Concepcion “Connie” Guevara lived as a single mother to seven children when she first learned about Head Start. It was 1992 and her five oldest children were in elementary school. Their school had a Head Start classroom on campus and Connie’s two youngest children attended.
Being busy as she was, Connie found time to volunteer in the Head Start classroom. After school, Connie would stay to clean and sanitize all the toys, tables and chairs. Her older children would help, too. Volunteering at Head Start was a family activity.
GED to Bachelors Degree
People would always tell Connie she should work as a Head Start teacher, but to do that, she needed to go back to school. At age 25, she got her GED. Then she started working on her child development associates certificate (CDA). Soon, she began her teaching career with her first job at the City of Phoenix. Connie and her children felt proud of her career path.
Connie's friend, who worked at Westside Head Start, encouraged her to apply. Her first year teaching for Westside Head Start, she commuted to Wickenburg from Phoenix. The next year, she transitioned to become a Westside Head Start family support specialist. She loved her new job because she got to interact with the kids and their families. It was a perfect fit.
Motivated to continue her education, Connie went back to school for her bachelor’s degree in human services with a minor in adult teaching. She was the first person in her family to get a college degree.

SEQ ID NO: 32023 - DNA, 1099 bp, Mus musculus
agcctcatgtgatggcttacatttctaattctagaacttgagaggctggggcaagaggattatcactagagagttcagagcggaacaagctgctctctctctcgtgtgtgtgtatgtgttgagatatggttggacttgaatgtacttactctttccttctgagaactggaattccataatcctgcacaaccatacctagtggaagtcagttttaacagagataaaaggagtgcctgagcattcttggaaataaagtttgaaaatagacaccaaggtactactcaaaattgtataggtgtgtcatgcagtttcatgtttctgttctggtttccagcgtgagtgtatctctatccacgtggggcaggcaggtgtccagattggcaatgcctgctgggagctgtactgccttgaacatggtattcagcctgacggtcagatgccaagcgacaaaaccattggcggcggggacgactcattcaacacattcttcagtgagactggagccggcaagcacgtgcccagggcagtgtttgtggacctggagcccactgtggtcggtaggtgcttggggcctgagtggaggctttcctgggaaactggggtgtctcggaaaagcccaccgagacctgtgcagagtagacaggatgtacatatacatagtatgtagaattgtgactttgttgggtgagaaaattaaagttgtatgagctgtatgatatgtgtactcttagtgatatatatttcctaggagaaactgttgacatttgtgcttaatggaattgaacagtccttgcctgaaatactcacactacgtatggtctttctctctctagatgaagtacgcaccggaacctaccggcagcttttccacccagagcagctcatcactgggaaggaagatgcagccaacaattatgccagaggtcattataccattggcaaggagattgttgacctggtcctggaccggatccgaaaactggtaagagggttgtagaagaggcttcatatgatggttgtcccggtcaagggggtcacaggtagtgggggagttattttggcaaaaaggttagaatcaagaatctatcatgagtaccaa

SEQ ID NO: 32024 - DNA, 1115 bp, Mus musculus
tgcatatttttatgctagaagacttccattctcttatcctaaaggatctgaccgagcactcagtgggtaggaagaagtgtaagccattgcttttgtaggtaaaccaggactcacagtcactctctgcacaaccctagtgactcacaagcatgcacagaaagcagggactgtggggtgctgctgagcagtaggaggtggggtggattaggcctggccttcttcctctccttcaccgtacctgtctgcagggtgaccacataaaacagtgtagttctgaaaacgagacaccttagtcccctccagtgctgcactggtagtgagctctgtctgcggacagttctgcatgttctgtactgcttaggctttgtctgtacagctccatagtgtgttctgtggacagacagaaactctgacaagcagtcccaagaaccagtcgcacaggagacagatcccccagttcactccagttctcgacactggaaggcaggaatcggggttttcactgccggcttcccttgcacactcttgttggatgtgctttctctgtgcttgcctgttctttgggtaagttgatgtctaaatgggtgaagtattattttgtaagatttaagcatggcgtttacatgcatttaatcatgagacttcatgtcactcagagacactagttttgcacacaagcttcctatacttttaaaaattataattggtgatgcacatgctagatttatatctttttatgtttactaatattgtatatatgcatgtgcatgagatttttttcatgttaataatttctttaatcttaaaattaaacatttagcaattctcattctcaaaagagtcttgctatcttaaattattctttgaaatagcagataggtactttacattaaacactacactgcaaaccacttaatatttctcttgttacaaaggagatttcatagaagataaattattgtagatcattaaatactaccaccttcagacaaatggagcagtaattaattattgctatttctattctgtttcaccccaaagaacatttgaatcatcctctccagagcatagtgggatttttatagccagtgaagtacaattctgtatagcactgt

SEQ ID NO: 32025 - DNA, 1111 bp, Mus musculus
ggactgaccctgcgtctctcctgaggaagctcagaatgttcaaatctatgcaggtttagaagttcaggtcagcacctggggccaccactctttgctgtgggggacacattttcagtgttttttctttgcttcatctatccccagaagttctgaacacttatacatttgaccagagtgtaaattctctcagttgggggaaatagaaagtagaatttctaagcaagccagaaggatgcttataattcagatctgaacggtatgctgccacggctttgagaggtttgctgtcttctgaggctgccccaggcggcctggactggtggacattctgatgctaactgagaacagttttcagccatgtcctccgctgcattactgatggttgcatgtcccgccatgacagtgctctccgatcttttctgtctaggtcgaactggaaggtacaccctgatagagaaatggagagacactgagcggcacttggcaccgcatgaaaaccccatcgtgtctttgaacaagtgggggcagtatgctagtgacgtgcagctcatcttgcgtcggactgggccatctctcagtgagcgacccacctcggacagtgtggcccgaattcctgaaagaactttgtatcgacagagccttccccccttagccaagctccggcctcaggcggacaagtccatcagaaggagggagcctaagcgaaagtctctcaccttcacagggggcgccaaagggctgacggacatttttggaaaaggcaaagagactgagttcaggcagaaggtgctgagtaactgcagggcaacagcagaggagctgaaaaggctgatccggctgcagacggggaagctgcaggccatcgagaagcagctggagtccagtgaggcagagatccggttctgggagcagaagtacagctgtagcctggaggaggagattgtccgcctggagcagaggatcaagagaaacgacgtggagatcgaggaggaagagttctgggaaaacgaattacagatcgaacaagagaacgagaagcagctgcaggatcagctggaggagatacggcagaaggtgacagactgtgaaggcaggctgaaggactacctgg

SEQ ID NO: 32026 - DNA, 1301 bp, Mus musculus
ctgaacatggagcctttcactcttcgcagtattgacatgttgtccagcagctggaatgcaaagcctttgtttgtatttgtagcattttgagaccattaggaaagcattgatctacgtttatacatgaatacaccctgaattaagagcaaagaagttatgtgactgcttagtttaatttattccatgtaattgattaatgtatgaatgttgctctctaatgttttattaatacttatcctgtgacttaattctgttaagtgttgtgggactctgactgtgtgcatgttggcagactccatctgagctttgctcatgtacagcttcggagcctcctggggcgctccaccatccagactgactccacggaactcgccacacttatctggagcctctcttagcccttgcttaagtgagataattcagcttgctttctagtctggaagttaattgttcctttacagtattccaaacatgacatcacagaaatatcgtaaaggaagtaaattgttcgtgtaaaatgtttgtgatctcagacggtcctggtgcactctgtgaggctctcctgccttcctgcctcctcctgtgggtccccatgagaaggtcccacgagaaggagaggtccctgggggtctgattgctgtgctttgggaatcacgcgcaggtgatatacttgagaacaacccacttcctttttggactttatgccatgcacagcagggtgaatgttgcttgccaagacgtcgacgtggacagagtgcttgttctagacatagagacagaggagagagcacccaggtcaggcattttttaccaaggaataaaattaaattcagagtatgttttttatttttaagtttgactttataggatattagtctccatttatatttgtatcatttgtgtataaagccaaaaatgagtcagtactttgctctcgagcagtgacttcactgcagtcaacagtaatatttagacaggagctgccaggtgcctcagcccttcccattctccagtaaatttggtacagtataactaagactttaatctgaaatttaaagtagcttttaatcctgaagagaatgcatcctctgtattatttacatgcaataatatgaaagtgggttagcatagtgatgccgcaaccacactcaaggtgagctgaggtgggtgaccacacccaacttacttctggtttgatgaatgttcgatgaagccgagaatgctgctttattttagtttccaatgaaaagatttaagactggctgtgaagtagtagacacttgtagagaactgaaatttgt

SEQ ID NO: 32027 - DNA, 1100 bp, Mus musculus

Now as a family support specialist for several years, Connie has met and worked with a lot of families. One family stands out in her mind. The family had a little boy who was late for class every day. Connie spoke to the mother to find out why.
The mom was blind. She brought her son to school by taking a bus that picked her up at her door. The bus driver was always late. Connie offered to teach her how to ride the city bus system. Connie would drive to her home every day and walk the mother and child to the bus stop. Together, they rode the bus to Head Start. After school, Connie, the mother and son rode back to their home. After a month, the mother and son decided to try it on their own. They didn’t know that Connie continued to follow behind them in her car just to make sure they were safe.
Connie’s dedication opened up a whole new world to this family. She still sees them from time to time. The son is now in high school and has a bright future. The mom is able to travel independently.
Connie doesn’t brag about her accomplishments. She is quick to point out, “I’ve learned from every manager and supervisor I’ve ever had. I’ve also learned from everyone I’ve supervised. People ask me, ‘Where do you see yourself in five years?’ and I always say here!”